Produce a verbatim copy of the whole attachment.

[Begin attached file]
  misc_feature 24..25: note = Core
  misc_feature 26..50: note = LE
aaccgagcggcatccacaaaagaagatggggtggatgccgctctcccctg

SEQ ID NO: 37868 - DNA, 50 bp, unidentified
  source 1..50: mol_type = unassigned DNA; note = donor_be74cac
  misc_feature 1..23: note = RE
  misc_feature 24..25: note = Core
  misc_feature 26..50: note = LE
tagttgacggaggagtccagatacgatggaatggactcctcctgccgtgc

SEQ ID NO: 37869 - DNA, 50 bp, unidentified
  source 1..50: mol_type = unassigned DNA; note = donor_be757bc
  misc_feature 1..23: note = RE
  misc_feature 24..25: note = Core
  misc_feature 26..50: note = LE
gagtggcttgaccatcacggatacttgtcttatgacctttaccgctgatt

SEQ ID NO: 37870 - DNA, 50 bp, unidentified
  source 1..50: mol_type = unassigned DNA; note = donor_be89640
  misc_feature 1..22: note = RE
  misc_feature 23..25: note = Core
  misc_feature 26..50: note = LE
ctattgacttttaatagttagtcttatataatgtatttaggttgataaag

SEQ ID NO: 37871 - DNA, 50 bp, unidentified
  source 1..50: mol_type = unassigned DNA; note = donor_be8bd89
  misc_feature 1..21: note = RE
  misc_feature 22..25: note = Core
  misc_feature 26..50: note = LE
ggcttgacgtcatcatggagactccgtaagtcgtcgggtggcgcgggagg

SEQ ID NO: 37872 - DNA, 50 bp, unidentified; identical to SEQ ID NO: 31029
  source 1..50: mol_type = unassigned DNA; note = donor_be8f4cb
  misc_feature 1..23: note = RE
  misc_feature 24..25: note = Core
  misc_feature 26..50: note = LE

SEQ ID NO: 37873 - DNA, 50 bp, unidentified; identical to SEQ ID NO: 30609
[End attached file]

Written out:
  misc_feature 24..25: note = Core
  misc_feature 26..50: note = LE
aaccgagcggcatccacaaaagaagatggggtggatgccgctctcccctg

SEQ ID NO: 37868 - DNA, 50 bp, unidentified
  source 1..50: mol_type = unassigned DNA; note = donor_be74cac
  misc_feature 1..23: note = RE
  misc_feature 24..25: note = Core
  misc_feature 26..50: note = LE
tagttgacggaggagtccagatacgatggaatggactcctcctgccgtgc

SEQ ID NO: 37869 - DNA, 50 bp, unidentified
  source 1..50: mol_type = unassigned DNA; note = donor_be757bc
  misc_feature 1..23: note = RE
  misc_feature 24..25: note = Core
  misc_feature 26..50: note = LE
gagtggcttgaccatcacggatacttgtcttatgacctttaccgctgatt

SEQ ID NO: 37870 - DNA, 50 bp, unidentified
  source 1..50: mol_type = unassigned DNA; note = donor_be89640
  misc_feature 1..22: note = RE
  misc_feature 23..25: note = Core
  misc_feature 26..50: note = LE
ctattgacttttaatagttagtcttatataatgtatttaggttgataaag

SEQ ID NO: 37871 - DNA, 50 bp, unidentified
  source 1..50: mol_type = unassigned DNA; note = donor_be8bd89
  misc_feature 1..21: note = RE
  misc_feature 22..25: note = Core
  misc_feature 26..50: note = LE
ggcttgacgtcatcatggagactccgtaagtcgtcgggtggcgcgggagg

SEQ ID NO: 37872 - DNA, 50 bp, unidentified; identical to SEQ ID NO: 31029
  source 1..50: mol_type = unassigned DNA; note = donor_be8f4cb
  misc_feature 1..23: note = RE
  misc_feature 24..25: note = Core
  misc_feature 26..50: note = LE

SEQ ID NO: 37873 - DNA, 50 bp, unidentified; identical to SEQ ID NO: 30609